In Europe, an international team of scientists plans to observe the shower from airplanes flying at ~30,000 feet where the thin air reduces the impact of lunar glare. In Bishop, California, a team of high school students will launch an experimental helium balloon to higher altitudes, 100,000 feet or more, where the sky is black even at noon. Cameras in the balloon's payload might catch some Draconid fireballs during the peak hours of the outburst.

Stay tuned for updates as Earth approaches the debris zone.

Draconid resources:

TIANGONG-1 SIGHTINGS: China's first space station, an 8.5-ton experimental module named Tiangong-1 (Heavenly Palace-1), is flying over the United States this week. On Oct. 4th, photographer Tavi Greiner saw it gliding over Shallotte, North Carolina:

"The Tiangong 1 passed between Cygnus and Cassiopeia shortly after sunset," says Greiner. "It was surprisingly bright, easily seen with the unaided eye."

Readers, check Spaceweather's Satellite Tracker for sighting opportunities in your hometown. You can also turn your smartphone into a Tiangong-1 tracker by downloading the Simple Flybys app.

more images: from Jim Saueressig II of Burlington, Kansas; from Justin Cowart of Carbondale, Illinois; from Stuart McDaniel of Lawndale, North Carolina; from Giuseppe of Fisciano, Italy


September 2011 Aurora Gallery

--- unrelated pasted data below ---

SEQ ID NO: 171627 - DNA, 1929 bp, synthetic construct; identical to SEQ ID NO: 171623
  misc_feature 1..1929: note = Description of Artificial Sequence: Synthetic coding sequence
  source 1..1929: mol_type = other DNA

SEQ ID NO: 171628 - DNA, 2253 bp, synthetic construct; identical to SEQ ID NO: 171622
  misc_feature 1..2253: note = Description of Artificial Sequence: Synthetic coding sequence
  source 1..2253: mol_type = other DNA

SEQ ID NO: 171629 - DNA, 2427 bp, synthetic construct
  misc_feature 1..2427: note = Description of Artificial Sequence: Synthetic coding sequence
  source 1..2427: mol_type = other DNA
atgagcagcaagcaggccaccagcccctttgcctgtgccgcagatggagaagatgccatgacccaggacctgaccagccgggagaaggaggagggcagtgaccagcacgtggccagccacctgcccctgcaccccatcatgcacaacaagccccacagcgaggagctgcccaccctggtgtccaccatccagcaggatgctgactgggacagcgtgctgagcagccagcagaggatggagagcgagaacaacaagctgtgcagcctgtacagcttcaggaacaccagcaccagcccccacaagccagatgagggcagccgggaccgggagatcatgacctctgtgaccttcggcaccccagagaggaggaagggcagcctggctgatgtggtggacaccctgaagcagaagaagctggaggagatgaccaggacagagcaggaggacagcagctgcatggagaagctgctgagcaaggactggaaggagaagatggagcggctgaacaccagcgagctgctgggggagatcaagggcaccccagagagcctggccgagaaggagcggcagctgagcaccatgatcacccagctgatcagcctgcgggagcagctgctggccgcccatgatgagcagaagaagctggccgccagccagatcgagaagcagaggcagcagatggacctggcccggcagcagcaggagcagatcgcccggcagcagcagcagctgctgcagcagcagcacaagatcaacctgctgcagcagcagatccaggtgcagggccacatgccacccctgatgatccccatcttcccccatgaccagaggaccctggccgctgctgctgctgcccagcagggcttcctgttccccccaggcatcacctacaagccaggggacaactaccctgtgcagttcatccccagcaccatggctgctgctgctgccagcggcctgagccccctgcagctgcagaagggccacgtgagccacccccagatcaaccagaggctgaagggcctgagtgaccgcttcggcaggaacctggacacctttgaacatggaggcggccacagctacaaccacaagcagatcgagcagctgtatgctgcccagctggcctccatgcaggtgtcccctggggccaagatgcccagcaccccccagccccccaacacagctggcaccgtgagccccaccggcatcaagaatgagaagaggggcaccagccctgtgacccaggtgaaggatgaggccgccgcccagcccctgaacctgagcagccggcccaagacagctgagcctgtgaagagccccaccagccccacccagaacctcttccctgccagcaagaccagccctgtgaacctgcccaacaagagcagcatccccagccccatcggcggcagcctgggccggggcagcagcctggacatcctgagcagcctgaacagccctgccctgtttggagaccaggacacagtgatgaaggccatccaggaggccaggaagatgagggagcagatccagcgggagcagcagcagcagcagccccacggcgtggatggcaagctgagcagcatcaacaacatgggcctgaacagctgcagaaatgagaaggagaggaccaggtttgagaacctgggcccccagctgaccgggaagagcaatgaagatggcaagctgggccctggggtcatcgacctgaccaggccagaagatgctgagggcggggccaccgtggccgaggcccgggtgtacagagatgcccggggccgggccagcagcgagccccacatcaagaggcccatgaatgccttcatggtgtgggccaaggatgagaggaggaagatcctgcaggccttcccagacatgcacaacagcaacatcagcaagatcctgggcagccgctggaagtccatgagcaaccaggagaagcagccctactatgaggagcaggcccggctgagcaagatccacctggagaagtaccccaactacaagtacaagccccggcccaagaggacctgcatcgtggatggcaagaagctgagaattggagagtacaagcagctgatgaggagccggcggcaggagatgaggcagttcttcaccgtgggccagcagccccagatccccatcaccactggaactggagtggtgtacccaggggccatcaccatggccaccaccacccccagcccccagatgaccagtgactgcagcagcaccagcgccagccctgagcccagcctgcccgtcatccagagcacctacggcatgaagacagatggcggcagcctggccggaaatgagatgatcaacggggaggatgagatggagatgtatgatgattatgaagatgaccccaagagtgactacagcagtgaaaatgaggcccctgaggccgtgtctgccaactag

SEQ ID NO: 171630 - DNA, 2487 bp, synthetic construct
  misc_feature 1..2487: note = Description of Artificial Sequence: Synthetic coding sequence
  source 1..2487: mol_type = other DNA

[previous Septembers: 2010, 2009, 2008, 2007, 2006, 2005, 2004]

  Near Earth Asteroids
Potentially Hazardous Asteroids (PHAs) are space rocks larger than approximately 100m that can come closer to Earth than 0.05 AU. None of the known PHAs is on a collision course with our planet, although astronomers are finding new ones all the time.
On October 7, 2011 there were 1250 potentially hazardous asteroids.
Recent & Upcoming Earth-asteroid encounters:
Asteroid
Date(UT)
Miss Distance
Mag.
Size
2011 TP
Oct 4
7.4 LD
--
22 m
2002 AG29
Oct 9
77.1 LD
--
1.0 km
2011 TB4
Oct 10
5.2 LD
--
35 m
2011 SE97
Oct 12
7.9 LD
--
50 m
2011 SS25
Oct 12
69.3 LD
--
1.0 km
2000 OJ8
Oct 13
49.8 LD
--
2.3 km
2009 TM8
Oct 17
0.9 LD
--
8 m
2011 FZ2
Nov 7
75.9 LD
--
1.6 km
2005 YU55
Nov 8
0.8 LD
--
175 m
1994 CK1
Nov 16
68.8 LD
--
1.5 km
1996 FG3
Nov 23
39.5 LD
--
1.1 km
2003 WM7
Dec 9
47.6 LD
--
1.5 km
1999 XP35
Dec 20
77.5 LD
--
1.0 km
Notes: LD means "Lunar Distance." 1 LD = 384,401 km, the distance between Earth and the Moon. 1 LD also equals 0.00256 AU. MAG is the visual magnitude of the asteroid on the date of closest approach.
  Essential web links
NOAA Space Weather Prediction Center
  The official U.S. government space weather bureau
Atmospheric Optics
  The first place to look for information about sundogs, pillars, rainbows and related phenomena.
Solar Dynamics Observatory
  Researchers call it a "Hubble for the sun." SDO is the most advanced solar observatory ever.
STEREO
  3D views of the sun from NASA's Solar and Terrestrial Relations Observatory
Solar and Heliospheric Observatory
  Realtime and archival images of the Sun from SOHO.
Daily Sunspot Summaries
  from the NOAA Space Environment Center
Heliophysics
  the underlying science of space weather
Science Central
 
Conquest Graphics
  for out-of-this-world printing and graphics
Trade Show Displays
   
  more links...
©2010 Spaceweather.com. All rights reserved. This site is penned daily by Dr. Tony Phillips.
©2013 Spaceweather.com. All rights reserved.